Beyond taking one through the life, household and culture of the fisher – history came to life with a depiction and video of the cod wars. A dock was designed to highlight important transportation links the waterways presented. This museum had a lot to offer its visitors and I was more than satisfied to pay the $8 admission. I did not realize when I bought entrance that I would also get a tour of the de-commissioned coastguard ship ODINN. It was an unexpected treat! The tour guide had studied history and was extremely knowledgeable of the subject matter and exhibited much interest in his work.
From on deck to below we toured got to see the sleeping quarters, engine room, galley and more.
I realized that in Newfoundland & Labrador with our rich and vibrant fishing history and dependency on the ocean that we do not have a dedicated Maritime Museum of this nature. We have some elements of fishing villages in the Town of Raleigh, Broom Point in Gros Morne National Park has an interpretative fishing exhibit, there are other museums with elements of the fishery, Maritime Archives at Memorial and of course The Rooms. We may have an untapped opportunity to present something similar to this offering. The announced decommissioning of the Canadian Coastguard vessel the Harp may allow for tours in the Town of St. Anthony or other port.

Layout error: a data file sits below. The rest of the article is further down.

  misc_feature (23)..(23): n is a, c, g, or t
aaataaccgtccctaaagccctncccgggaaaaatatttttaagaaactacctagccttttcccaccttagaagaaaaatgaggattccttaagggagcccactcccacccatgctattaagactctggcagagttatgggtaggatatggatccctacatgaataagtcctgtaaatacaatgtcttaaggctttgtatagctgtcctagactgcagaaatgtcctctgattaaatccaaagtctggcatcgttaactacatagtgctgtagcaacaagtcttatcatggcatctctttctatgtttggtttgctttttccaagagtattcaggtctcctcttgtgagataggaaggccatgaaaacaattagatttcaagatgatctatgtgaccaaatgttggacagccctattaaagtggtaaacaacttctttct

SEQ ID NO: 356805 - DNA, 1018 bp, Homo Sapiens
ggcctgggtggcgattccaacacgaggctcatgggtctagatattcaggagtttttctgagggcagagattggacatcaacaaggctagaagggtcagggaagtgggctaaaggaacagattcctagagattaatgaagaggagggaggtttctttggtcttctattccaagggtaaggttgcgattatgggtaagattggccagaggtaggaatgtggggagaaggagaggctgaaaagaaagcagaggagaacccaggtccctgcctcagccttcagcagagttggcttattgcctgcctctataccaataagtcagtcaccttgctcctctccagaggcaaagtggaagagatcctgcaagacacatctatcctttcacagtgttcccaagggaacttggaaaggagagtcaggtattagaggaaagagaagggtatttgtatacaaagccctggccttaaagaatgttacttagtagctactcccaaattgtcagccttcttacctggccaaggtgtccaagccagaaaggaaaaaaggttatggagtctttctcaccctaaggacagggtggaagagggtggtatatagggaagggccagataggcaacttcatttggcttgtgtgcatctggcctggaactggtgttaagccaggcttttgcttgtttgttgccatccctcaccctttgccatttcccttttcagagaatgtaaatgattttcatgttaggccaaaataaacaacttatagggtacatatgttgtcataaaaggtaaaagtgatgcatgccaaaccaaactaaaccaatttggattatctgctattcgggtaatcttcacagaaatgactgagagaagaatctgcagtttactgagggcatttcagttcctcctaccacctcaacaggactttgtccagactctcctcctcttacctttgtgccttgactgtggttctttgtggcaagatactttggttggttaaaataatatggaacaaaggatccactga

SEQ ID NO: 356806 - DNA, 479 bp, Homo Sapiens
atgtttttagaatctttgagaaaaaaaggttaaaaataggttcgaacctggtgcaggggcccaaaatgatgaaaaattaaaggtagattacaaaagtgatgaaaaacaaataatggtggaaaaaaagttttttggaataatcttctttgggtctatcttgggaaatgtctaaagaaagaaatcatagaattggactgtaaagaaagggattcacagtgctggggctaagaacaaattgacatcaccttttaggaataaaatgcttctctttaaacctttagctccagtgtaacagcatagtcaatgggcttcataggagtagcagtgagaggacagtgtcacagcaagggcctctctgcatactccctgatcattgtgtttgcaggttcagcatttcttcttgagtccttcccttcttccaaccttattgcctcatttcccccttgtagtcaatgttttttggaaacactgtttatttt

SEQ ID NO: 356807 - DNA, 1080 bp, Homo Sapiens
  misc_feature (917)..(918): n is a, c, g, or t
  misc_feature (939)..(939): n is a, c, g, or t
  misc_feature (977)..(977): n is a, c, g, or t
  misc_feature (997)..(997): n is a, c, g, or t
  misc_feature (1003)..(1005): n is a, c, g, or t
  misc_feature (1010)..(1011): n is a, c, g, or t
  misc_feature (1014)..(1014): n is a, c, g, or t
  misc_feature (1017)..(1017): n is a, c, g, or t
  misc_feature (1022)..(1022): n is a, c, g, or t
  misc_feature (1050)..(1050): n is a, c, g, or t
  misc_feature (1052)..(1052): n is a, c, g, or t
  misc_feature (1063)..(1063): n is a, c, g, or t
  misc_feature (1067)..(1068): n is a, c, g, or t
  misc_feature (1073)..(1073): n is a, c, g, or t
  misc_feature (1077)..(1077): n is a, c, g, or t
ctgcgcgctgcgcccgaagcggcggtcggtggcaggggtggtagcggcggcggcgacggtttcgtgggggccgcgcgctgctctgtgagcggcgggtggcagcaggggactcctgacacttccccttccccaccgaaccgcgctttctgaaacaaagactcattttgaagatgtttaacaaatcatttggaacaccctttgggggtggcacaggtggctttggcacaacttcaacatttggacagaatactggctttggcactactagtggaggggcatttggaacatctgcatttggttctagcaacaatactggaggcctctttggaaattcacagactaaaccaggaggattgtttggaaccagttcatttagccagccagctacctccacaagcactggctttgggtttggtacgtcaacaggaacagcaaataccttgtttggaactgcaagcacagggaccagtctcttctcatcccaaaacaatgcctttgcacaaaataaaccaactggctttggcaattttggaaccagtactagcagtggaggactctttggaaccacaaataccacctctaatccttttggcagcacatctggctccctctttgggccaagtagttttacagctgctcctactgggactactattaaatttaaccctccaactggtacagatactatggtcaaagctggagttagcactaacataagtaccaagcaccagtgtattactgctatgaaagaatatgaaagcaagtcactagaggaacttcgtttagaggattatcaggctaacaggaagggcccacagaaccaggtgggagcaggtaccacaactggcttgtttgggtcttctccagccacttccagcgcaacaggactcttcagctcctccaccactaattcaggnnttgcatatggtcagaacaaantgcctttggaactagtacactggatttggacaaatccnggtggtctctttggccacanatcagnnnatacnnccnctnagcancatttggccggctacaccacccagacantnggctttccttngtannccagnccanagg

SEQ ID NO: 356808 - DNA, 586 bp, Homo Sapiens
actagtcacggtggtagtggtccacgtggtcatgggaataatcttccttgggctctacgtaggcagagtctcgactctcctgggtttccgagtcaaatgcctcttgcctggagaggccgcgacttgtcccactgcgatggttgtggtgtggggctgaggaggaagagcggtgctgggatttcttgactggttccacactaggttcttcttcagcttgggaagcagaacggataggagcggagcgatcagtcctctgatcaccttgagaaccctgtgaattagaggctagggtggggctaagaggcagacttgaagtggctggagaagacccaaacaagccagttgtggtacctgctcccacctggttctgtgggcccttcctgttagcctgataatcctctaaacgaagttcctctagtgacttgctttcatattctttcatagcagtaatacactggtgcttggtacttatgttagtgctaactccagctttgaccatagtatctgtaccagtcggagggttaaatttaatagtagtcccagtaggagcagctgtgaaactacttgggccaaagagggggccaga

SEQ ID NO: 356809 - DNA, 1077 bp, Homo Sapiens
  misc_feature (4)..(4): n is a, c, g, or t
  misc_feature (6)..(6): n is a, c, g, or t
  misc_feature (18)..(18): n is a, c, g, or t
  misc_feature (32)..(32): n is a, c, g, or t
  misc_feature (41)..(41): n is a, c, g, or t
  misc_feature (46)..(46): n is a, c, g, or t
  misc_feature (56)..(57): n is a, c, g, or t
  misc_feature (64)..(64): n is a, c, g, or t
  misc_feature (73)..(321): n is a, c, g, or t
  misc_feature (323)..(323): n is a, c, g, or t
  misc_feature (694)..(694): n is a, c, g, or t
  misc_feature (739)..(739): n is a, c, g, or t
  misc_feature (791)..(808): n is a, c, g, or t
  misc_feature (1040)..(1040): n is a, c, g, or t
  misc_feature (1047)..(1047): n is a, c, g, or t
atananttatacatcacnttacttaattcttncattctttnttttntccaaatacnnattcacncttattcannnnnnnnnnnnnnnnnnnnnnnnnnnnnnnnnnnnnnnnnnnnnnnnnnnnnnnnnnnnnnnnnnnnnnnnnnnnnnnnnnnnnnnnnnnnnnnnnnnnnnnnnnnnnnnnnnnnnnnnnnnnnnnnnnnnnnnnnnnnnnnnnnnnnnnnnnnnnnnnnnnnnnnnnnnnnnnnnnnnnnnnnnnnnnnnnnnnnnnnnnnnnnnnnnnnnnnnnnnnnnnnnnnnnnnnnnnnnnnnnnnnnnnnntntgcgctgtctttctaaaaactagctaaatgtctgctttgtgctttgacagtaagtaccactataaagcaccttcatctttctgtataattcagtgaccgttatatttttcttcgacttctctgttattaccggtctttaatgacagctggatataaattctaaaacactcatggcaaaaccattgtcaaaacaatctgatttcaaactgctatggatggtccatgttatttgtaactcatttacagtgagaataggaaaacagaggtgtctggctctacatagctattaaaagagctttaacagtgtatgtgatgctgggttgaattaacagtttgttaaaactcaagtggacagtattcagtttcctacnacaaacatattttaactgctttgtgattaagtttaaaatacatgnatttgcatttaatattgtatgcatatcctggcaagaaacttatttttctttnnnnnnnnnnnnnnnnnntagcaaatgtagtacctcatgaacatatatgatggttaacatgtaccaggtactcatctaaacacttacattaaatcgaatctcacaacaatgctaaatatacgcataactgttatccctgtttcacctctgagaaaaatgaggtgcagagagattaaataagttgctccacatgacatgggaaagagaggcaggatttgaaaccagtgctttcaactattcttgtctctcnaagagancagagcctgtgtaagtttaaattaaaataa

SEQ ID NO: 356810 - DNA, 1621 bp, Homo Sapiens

Why not consider the Harp as the next tourist attraction?
Live Rural NL –Christopher Mitchelmore, MHA The Straits-White Bay North